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New Escapist Video! On the Tenets of “TENET”…

So, as I have mentioned before, I am launching a new video series as a companion piece to In the Frame at The Escapist. The video will typically launch with every second Monday article, and be released on the magazine’s YouTube channel the following week. This is kinda cool, because we’re helping relaunch the magazine’s film content – so if you can throw a subscription our way, it would mean a lot.

This week, given that TENET is now available to stream in the United States and around the world, it seemed like a good time to take a look at Christopher Nolan’s latest. In particular, a look how the themes of TENET resonate with other films in Nolan’s filmography, from Memento to The Prestige to Inception to Interstellar.

New Escapist Column! On the Tenets of TENET…

I published a new In the Frame piece at The Escapist this evening. With TENET now on streaming, it seemed like a good time to dive into the film’s position within Christopher Nolan’s filmography.

Most discussions of Nolan’s filmography focus on the director’s obsession with time, and TENET makes sense in that context. However, the film also ties into more existential anxieties that simmer through Nolan’s body of work, in particular the question of reality actually is and how best to respond to a world that can fundamentally chaotic, hostile and unknowable. TENET deals this this theme, confronting its audience and its characters with a reality that appears to be unraveling.

You can read the piece here, or click the picture below.

 

New Podcast! The Escapist Movie Podcast – “TENET and 2020’s Not-busters”

The Escapist have launched a movie podcast, and I was thrilled to join Jack Packard and Lee Murkey for the fifteenth episode of the year, for a discussion looking at the not-busters of the pandemic era, particularly Russell Crowe’s road rage thriller Unhinged and Christopher Nolan’s TENET.

You can listen to back episodes of the podcast here, click the link below or even listen directly.

228. Interstellar (#29)

Hosted by Andrew Quinn and Darren Mooney, and this week with special guest Andy Hazel, The 250 is a fortnightly trip through some of the best (and worst) movies ever made, as voted for by Internet Movie Database Users.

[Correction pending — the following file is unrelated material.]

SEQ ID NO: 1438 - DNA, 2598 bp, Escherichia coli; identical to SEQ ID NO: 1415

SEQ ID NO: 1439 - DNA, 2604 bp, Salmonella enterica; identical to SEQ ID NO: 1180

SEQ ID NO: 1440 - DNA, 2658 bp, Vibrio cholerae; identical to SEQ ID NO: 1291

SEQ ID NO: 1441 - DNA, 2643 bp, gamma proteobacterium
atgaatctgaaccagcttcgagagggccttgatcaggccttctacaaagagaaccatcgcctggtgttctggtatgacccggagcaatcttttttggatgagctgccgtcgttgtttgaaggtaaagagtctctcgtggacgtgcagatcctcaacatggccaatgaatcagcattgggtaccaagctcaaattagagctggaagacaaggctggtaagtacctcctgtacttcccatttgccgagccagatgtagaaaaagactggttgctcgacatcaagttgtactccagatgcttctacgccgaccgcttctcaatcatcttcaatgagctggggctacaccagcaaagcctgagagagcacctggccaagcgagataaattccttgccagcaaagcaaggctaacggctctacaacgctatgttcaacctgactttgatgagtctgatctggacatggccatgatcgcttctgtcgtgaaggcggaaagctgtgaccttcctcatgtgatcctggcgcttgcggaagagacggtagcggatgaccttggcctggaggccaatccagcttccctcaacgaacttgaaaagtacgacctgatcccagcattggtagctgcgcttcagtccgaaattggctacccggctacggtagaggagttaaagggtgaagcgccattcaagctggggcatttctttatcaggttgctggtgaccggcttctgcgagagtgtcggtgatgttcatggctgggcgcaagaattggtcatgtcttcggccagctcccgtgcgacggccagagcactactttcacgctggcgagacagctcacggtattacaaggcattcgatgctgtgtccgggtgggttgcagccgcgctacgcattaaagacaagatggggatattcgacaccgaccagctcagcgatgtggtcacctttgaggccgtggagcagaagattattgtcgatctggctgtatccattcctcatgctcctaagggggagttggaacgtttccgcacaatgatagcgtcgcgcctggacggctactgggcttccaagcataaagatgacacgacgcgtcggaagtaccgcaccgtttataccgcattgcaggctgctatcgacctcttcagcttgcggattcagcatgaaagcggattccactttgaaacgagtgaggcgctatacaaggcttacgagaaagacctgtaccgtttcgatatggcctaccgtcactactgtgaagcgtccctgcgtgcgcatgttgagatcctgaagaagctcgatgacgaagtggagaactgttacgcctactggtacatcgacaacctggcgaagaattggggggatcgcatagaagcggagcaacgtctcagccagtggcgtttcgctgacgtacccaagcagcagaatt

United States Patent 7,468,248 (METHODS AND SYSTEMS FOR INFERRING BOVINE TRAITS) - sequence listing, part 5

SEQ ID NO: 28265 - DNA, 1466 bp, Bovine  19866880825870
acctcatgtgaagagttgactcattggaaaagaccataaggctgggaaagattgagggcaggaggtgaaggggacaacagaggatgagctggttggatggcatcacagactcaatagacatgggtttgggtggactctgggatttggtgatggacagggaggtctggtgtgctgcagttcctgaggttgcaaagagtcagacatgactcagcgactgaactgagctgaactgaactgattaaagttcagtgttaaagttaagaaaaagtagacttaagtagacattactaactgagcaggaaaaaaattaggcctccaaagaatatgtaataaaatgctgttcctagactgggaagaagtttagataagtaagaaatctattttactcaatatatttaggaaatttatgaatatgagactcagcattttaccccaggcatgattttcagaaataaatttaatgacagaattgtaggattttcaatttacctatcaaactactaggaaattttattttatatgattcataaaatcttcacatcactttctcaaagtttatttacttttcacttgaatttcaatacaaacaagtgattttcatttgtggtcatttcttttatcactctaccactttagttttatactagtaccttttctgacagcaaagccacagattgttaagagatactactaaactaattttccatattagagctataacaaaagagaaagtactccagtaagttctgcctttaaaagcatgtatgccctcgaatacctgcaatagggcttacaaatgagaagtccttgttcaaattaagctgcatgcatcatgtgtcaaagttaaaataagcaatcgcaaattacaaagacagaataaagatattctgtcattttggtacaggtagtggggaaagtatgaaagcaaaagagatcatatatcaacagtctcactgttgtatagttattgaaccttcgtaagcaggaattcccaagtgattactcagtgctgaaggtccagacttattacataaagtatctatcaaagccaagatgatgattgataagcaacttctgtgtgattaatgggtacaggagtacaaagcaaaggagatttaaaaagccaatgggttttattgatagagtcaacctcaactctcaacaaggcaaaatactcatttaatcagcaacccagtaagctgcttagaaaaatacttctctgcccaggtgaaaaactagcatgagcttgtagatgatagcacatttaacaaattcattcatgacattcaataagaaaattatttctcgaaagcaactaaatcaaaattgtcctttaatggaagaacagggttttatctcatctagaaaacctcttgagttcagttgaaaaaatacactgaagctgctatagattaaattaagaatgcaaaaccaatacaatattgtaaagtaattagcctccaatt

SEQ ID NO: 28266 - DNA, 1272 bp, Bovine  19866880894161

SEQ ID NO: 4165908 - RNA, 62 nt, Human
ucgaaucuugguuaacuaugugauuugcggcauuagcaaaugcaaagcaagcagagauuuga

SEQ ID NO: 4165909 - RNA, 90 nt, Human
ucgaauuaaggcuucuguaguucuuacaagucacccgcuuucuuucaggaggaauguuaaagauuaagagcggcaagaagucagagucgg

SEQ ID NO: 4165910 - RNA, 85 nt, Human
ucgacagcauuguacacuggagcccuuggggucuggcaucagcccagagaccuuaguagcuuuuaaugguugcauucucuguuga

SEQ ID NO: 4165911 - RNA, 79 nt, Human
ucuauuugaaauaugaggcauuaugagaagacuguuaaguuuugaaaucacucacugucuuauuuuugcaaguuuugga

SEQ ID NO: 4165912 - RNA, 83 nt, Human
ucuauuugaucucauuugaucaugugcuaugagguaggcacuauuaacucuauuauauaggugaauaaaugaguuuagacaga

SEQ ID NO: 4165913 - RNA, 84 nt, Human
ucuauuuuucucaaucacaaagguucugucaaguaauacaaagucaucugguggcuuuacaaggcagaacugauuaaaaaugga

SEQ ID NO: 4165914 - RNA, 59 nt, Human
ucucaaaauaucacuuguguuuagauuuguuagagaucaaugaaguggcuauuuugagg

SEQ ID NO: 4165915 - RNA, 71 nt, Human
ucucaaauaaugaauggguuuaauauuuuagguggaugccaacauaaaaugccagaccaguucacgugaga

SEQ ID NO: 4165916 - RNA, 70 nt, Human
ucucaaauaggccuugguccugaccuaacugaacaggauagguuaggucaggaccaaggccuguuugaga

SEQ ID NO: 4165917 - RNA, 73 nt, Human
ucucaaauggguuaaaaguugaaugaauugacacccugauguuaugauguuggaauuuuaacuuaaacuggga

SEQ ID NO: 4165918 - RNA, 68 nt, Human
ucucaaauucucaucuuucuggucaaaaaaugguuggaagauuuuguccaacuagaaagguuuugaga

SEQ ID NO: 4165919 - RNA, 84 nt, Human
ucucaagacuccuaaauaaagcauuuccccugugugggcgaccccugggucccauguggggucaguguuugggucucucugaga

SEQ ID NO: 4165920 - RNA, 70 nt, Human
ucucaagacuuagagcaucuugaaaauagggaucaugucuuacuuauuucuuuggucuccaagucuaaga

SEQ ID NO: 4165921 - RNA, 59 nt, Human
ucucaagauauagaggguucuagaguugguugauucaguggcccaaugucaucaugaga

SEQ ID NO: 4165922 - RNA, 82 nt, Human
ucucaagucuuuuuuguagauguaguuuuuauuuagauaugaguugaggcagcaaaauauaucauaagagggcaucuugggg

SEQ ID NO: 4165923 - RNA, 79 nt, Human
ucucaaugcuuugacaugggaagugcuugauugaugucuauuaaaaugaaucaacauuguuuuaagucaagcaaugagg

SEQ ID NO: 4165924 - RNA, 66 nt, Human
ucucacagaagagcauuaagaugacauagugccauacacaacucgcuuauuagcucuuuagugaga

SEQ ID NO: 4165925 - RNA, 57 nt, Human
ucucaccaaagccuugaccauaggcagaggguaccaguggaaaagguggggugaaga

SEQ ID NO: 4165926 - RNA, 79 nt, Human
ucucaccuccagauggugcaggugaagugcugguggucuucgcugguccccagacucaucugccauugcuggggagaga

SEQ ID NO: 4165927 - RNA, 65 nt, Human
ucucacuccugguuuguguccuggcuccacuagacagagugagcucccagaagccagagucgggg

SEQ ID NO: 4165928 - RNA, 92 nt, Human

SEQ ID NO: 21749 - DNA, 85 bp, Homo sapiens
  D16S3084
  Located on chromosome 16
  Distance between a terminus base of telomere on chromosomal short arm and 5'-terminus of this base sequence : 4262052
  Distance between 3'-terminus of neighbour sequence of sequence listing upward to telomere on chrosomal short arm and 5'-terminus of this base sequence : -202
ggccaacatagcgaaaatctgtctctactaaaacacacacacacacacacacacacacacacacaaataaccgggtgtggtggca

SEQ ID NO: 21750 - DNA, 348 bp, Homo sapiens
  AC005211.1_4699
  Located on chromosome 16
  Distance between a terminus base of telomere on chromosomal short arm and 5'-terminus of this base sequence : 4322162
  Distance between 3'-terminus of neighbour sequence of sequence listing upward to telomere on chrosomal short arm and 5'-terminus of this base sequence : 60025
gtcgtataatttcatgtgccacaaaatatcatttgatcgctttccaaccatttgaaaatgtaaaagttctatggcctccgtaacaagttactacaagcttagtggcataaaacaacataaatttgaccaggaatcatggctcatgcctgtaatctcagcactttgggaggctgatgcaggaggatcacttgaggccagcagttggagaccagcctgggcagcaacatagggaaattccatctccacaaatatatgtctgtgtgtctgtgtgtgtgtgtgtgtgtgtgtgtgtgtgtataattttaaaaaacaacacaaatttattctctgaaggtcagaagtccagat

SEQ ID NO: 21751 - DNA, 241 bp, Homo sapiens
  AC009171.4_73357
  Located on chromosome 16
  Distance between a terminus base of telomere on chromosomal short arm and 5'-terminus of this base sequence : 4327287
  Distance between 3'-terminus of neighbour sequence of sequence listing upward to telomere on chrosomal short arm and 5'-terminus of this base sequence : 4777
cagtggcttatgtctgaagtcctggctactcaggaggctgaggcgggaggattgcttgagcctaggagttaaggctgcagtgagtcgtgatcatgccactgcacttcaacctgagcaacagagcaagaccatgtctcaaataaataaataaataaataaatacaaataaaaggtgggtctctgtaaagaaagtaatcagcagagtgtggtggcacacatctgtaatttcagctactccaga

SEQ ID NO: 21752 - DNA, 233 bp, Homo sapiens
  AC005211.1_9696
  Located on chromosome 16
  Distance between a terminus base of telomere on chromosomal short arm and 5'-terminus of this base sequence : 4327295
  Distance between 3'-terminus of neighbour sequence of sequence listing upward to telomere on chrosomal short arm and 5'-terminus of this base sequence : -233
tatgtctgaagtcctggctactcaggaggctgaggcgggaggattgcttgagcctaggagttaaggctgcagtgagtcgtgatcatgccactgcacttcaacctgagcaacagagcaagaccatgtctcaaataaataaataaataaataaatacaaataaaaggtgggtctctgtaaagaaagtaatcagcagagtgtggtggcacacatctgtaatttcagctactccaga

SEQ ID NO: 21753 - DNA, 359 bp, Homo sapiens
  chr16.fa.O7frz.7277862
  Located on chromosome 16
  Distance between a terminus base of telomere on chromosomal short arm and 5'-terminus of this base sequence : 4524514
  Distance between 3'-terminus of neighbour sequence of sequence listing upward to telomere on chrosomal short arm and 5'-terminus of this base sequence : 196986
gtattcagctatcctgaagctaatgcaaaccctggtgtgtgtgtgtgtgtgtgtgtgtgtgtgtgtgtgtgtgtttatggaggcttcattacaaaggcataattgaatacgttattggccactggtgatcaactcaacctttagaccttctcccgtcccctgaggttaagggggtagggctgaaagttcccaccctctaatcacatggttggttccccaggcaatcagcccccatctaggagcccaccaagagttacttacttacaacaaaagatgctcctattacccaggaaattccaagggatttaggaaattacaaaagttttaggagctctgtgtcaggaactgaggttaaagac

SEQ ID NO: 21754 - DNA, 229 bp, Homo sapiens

This time, Christopher Nolan’s Interstellar.

Cooper is a former astronaut who has resigned himself to life on a farm, raising his two children Tom and Murph. However, when the fates align to send Cooper back out into space, he finds himself faced with the terrible choice to leave his kids behind with no idea of when – or even if – he might return.

At time of recording, it was ranked the 29th best movie of all time on the Internet Movie Database.

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New Podcast! The Escapist Movie Podcast – “The Devil All the Time, Antebellum, Mandalorian, and Pushbacks”

The Escapist have launched a movie podcast, and I was thrilled to join Jack Packard and Bob Chipman for the fourth episode, primarily discussing The Devil All the Time, Antebellum, the trailer for the second season of The Mandalorian, and the changes to the release schedule after the releases of TENET and Mulan.

You can listen to the episode here, back episodes of the podcast here, click the link below or even listen directly.

New Escapist Column! On Kat as the Emotional Heart of “TENET”…

I published a new piece at The Escapist on Sunday. With the release of TENET, Christopher Nolan has been subject to the familiar criticisms of his work: that he is humourless, cold, emotionless. However, these criticisms miss the fact that Nolan’s films are often underpinned by deep reservoirs of emotion.

Elizabeth Debicki’s Katherine Barton is the beating heart of TENET. She also represents a clear evolution of how Nolan writes female characters. If TENET is a James Bond pastiche, than Kat is introduced as a disposable love interest – the character that the hero seduces to get closer to the villain, and is ultimately killed for her betrayal. She is also positioned in Nolan’s filmography so as to suggest one of Nolan’s “dead wives.”